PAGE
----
Berlin (dpa) – In many primary schools, the school bells that were turned off during the Corona crisis have been reactivated due to ventilation advice. That said the chairman of the primary school association Edgar Bohn, the German news agency.
“The bell was mostly broken in many primary schools. In many cases it has been put back into service and now switches to ventilation for 20 minutes. “
The Federal Environment Agency had recommended that schools ventilate regularly for about five minutes every 20 minutes to reduce the risk of infection. Especially now in the winter it becomes uncomfortable in many classrooms. Unfortunately, some kids are still not well dressed, Bohn said.
“The flow of lessons is not necessarily enhanced by the ventilation during the lesson,” added the former primary school principal. The ventilation is not as disturbed as children work independently in free instructional forms. In general, according to Bohn, primary school classes are “relatively quiet and regulated” in the context of corona-related restrictions. In Germany there are about 15,000 primary schools with 2.8 million pupils.
The federal states had agreed that in the event of large numbers of infections in a region from the higher classes, additional measures would be taken to reduce the number again. For example, so-called alternating lessons are possible – half of the class learns at home, the other half at school. In primary schools, face-to-face education should be continued wherever possible. The background to this is statements by scientists that smaller children contribute little to the transmission of the virus. According to the Robert Koch Institute, the risk of corona disease and transmission increases with age and is the same as in adults between 13 and 15 years old.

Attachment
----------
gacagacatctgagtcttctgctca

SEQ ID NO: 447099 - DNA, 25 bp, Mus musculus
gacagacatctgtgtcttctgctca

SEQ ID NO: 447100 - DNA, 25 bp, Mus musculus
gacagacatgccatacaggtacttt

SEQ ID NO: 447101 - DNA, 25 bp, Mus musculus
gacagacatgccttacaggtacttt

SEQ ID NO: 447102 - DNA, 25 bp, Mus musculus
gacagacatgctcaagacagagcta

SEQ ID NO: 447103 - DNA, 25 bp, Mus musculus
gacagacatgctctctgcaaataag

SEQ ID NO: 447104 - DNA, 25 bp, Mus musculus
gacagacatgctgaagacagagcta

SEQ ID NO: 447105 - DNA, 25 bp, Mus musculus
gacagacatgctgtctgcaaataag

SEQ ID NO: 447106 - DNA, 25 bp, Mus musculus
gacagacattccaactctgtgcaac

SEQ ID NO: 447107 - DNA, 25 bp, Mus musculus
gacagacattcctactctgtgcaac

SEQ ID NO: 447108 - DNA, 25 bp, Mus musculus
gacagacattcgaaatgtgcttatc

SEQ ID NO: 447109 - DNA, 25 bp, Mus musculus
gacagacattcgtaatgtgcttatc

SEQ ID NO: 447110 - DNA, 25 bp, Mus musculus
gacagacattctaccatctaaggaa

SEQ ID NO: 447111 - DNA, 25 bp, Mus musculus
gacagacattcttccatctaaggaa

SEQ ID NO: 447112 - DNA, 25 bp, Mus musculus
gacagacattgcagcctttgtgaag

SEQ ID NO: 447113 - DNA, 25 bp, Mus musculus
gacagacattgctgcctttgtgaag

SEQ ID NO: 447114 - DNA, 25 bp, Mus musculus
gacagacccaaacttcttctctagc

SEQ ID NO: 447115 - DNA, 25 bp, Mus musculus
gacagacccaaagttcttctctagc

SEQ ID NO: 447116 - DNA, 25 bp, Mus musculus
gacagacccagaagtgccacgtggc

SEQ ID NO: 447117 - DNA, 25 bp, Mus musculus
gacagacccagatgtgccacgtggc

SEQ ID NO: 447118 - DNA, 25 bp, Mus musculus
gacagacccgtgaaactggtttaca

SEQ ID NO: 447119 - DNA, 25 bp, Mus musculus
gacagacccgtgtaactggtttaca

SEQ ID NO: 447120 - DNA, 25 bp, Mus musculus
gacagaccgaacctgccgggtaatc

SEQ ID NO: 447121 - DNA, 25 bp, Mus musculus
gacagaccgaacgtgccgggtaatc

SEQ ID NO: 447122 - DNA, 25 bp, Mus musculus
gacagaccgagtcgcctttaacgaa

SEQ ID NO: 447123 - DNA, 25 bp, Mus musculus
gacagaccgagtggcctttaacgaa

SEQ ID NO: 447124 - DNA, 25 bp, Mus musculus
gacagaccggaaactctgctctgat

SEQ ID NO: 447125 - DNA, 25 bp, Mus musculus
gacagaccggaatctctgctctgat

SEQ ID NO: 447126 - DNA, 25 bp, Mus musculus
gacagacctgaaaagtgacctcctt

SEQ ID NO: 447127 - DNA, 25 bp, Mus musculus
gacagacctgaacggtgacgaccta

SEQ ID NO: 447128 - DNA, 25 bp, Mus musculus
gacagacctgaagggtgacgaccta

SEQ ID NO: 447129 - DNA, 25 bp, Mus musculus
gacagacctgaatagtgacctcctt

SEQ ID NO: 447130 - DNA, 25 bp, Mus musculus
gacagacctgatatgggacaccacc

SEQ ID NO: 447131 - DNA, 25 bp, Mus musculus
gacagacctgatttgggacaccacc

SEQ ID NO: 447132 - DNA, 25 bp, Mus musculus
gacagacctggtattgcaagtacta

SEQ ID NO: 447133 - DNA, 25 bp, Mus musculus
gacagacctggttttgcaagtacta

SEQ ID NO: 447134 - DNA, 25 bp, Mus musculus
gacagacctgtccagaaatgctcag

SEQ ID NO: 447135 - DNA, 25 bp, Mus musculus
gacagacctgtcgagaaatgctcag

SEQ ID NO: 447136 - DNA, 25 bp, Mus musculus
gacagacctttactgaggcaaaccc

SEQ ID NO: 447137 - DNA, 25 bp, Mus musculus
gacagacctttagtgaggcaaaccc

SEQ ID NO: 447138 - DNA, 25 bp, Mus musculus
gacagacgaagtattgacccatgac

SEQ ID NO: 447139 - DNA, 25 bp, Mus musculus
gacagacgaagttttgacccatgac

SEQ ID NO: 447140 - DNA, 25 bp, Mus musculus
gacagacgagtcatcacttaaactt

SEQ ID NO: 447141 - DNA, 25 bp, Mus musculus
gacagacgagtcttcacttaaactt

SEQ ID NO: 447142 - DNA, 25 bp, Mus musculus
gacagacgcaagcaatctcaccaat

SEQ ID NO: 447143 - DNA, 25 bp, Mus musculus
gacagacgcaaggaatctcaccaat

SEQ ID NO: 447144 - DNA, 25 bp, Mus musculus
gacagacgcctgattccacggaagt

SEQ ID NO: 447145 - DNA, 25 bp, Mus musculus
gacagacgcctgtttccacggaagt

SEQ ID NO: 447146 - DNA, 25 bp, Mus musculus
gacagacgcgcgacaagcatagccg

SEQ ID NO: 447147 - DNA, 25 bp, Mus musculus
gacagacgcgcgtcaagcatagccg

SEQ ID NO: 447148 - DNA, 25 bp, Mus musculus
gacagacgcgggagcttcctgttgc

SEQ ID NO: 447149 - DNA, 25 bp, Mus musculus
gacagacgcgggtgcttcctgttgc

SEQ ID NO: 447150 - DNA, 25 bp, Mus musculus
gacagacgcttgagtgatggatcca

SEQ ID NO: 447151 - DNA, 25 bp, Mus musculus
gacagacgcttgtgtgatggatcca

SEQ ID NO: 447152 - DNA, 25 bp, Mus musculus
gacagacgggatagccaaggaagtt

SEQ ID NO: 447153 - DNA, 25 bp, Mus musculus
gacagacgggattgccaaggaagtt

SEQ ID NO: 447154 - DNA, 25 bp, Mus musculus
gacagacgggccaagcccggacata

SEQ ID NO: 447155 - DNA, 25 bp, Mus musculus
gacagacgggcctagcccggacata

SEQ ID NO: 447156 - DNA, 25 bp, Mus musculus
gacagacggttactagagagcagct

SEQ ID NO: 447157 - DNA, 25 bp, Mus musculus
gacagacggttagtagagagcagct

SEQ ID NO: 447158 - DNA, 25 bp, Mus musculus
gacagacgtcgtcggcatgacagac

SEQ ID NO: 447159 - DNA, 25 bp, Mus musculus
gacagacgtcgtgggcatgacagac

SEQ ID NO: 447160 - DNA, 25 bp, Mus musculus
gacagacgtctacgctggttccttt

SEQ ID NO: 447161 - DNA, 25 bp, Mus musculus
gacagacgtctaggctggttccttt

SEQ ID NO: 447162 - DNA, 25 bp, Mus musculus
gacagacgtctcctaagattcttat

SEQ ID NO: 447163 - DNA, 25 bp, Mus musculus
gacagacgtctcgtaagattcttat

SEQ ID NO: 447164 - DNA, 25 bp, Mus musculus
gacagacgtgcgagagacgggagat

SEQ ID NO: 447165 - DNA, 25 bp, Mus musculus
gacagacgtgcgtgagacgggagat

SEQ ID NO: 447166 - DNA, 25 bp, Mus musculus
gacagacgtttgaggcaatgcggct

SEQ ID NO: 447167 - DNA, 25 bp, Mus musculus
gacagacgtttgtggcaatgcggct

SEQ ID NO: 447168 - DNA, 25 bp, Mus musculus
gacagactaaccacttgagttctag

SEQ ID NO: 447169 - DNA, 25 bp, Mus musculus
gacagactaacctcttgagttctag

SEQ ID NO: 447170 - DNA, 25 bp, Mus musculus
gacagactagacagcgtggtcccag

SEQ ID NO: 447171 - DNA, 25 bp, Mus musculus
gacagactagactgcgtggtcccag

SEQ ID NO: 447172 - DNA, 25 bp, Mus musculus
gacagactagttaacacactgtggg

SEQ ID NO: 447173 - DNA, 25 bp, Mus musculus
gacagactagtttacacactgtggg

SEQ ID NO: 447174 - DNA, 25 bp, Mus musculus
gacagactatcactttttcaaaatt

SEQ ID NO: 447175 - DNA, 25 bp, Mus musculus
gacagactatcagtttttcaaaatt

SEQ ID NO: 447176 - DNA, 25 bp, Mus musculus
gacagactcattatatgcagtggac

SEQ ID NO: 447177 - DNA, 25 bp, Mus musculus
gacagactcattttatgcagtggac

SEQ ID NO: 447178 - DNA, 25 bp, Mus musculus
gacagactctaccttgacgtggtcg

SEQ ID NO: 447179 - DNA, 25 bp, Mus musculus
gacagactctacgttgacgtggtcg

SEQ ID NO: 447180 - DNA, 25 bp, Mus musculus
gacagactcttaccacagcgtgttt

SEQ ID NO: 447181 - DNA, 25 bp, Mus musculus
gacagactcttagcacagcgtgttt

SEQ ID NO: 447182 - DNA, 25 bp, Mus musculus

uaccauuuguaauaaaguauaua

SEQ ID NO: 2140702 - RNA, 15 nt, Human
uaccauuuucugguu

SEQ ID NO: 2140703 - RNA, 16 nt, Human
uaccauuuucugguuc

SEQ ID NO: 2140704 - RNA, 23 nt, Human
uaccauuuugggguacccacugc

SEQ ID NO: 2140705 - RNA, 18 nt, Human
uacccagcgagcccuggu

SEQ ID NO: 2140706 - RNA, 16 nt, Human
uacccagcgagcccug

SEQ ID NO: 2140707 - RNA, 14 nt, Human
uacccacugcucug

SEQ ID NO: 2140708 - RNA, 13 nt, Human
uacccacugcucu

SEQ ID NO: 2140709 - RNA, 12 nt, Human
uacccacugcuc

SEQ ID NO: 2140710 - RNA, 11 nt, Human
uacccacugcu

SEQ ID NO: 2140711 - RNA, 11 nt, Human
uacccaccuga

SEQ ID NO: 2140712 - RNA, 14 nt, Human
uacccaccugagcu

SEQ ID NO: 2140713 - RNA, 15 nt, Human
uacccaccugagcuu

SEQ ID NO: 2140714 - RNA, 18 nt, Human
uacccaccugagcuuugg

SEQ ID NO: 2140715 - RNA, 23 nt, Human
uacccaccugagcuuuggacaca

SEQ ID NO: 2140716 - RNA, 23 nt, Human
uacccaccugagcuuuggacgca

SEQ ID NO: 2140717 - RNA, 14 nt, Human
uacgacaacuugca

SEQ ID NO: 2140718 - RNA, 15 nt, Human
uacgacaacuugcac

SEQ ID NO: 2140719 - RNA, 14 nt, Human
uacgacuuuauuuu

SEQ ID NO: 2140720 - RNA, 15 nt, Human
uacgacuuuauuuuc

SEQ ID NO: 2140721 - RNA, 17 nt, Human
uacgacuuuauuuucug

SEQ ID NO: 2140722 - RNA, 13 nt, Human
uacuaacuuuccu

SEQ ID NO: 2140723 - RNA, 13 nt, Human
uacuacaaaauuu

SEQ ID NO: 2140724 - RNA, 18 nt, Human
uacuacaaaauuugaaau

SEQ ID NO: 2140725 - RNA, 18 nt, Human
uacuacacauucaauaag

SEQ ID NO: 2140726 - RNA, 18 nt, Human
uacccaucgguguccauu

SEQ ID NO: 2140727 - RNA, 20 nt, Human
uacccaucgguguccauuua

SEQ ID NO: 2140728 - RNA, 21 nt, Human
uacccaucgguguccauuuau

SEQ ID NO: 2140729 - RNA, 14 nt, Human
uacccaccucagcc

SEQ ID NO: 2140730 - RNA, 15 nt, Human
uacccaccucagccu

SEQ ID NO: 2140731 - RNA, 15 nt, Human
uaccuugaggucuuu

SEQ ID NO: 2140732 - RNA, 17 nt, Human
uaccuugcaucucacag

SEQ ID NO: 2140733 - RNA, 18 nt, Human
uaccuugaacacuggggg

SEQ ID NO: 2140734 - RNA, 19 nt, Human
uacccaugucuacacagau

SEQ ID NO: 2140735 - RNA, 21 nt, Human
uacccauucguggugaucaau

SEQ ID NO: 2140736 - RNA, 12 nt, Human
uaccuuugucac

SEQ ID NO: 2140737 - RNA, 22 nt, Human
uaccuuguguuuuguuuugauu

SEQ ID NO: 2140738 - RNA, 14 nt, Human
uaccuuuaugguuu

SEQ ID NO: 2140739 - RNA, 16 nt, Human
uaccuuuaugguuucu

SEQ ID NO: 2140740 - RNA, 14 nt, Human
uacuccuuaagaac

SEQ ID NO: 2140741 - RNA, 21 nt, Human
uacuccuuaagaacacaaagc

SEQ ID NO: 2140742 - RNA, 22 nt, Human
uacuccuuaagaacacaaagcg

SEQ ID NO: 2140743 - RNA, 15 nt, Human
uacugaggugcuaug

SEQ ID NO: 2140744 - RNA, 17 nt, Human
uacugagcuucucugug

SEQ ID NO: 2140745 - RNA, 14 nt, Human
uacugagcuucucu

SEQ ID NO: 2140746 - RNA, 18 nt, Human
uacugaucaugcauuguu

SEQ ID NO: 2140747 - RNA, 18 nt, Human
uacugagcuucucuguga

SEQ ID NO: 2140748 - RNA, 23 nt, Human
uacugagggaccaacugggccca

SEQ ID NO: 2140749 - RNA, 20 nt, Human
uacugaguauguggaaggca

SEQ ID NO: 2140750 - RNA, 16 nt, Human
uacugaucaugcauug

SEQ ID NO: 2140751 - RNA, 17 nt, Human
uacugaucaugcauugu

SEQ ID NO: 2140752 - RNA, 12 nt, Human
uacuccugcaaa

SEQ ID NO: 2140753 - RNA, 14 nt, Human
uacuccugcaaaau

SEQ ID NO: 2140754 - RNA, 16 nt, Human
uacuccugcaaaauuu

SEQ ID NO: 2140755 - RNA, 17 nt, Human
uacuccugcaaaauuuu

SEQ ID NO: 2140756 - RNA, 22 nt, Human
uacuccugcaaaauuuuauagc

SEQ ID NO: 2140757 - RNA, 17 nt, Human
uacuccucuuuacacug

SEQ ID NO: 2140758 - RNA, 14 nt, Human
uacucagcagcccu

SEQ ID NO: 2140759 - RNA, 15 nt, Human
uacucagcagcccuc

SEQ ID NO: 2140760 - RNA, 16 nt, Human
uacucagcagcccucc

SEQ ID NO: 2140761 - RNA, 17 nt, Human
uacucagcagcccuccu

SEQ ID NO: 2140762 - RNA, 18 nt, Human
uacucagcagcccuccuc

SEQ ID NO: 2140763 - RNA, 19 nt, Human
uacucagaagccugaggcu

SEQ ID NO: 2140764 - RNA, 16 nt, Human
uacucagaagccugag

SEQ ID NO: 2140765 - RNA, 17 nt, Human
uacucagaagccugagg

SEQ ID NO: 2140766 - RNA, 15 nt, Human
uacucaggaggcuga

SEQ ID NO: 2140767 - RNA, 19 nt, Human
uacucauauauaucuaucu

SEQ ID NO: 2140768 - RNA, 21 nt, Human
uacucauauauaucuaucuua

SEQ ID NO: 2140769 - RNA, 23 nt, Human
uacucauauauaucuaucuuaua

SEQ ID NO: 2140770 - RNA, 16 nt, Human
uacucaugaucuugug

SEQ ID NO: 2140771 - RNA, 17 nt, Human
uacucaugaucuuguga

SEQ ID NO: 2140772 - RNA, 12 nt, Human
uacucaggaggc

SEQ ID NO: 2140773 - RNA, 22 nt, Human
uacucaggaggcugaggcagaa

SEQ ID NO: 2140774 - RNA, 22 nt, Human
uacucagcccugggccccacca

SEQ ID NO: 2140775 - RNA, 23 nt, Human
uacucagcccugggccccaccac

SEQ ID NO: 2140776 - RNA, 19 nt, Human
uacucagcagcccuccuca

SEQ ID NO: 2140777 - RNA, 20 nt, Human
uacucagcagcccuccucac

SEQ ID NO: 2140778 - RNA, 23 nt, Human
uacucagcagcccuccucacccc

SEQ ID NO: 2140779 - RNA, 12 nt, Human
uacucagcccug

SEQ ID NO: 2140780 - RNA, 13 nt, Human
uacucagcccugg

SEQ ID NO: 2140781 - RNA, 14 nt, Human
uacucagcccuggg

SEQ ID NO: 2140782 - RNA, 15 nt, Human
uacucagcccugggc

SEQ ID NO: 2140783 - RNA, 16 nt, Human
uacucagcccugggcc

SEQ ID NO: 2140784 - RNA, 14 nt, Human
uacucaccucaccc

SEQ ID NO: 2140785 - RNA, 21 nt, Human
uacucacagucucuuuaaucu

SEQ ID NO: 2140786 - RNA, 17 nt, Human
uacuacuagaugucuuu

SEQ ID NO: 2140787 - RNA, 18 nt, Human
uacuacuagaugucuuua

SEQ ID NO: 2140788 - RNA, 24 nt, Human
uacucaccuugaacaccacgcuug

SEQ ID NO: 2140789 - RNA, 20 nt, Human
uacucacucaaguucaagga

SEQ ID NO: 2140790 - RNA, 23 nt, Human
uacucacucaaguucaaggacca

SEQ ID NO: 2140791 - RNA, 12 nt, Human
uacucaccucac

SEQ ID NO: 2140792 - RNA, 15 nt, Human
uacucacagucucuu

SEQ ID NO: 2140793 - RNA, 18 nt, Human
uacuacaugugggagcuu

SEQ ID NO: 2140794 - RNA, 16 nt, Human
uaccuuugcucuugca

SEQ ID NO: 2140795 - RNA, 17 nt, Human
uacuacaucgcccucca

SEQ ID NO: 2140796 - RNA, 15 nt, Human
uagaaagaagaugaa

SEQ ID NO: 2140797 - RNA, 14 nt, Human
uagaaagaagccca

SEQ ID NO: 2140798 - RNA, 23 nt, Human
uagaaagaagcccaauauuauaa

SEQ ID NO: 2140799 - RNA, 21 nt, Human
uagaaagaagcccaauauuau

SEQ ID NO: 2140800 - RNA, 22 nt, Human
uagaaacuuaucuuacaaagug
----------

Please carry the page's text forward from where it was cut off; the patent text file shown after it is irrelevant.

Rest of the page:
According to the chairman of the primary school association, the subject of Corona must be brought up again and again in class. “The spectrum ranges from very anxious children to children who are unaware of the invisible threat and who have difficulty navigating disabilities,” Bohn said.
He criticized school policy and the digital equipment of primary schools. Nothing substantial has changed in terms of technology. Video contacts with children who are infected at home or in quarantine are not made, for example, because devices are missing or the internet connections are too weak. The time in the summer until the start of the school was also largely unused. “There were hardly any considerations or model plans on how schools could prepare for the expected second wave. So it depended on how the individual school prepared for possible scenarios. “